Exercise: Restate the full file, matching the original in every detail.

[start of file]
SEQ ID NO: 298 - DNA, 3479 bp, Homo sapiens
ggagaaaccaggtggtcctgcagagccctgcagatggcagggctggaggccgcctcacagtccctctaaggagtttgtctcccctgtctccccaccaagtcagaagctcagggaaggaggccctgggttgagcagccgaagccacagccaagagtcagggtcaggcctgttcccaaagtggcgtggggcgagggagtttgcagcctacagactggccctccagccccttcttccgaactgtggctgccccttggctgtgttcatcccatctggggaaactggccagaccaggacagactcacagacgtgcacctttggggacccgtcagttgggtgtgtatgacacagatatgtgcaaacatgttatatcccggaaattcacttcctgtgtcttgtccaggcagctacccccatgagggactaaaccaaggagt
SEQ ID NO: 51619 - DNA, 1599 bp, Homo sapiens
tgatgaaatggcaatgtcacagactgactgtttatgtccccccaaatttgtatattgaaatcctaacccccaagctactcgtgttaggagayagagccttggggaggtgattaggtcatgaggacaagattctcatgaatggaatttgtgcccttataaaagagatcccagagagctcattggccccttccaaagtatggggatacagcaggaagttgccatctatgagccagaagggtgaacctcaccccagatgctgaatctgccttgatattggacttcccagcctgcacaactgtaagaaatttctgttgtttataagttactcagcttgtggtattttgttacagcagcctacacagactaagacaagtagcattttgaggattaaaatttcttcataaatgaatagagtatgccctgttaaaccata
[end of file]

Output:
SEQ ID NO: 298 - DNA, 3479 bp, Homo sapiens
ggagaaaccaggtggtcctgcagagccctgcagatggcagggctggaggccgcctcacagtccctctaaggagtttgtctcccctgtctccccaccaagtcagaagctcagggaaggaggccctgggttgagcagccgaagccacagccaagagtcagggtcaggcctgttcccaaagtggcgtggggcgagggagtttgcagcctacagactggccctccagccccttcttccgaactgtggctgccccttggctgtgttcatcccatctggggaaactggccagaccaggacagactcacagacgtgcacctttggggacccgtcagttgggtgtgtatgacacagatatgtgcaaacatgttatatcccggaaattcacttcctgtgtcttgtccaggcagctacccccatgagggactaaaccaaggagt
SEQ ID NO: 51619 - DNA, 1599 bp, Homo sapiens
tgatgaaatggcaatgtcacagactgactgtttatgtccccccaaatttgtatattgaaatcctaacccccaagctactcgtgttaggagayagagccttggggaggtgattaggtcatgaggacaagattctcatgaatggaatttgtgcccttataaaagagatcccagagagctcattggccccttccaaagtatggggatacagcaggaagttgccatctatgagccagaagggtgaacctcaccccagatgctgaatctgccttgatattggacttcccagcctgcacaactgtaagaaatttctgttgtttataagttactcagcttgtggtattttgttacagcagcctacacagactaagacaagtagcattttgaggattaaaatttcttcataaatgaatagagtatgccctgttaaaccata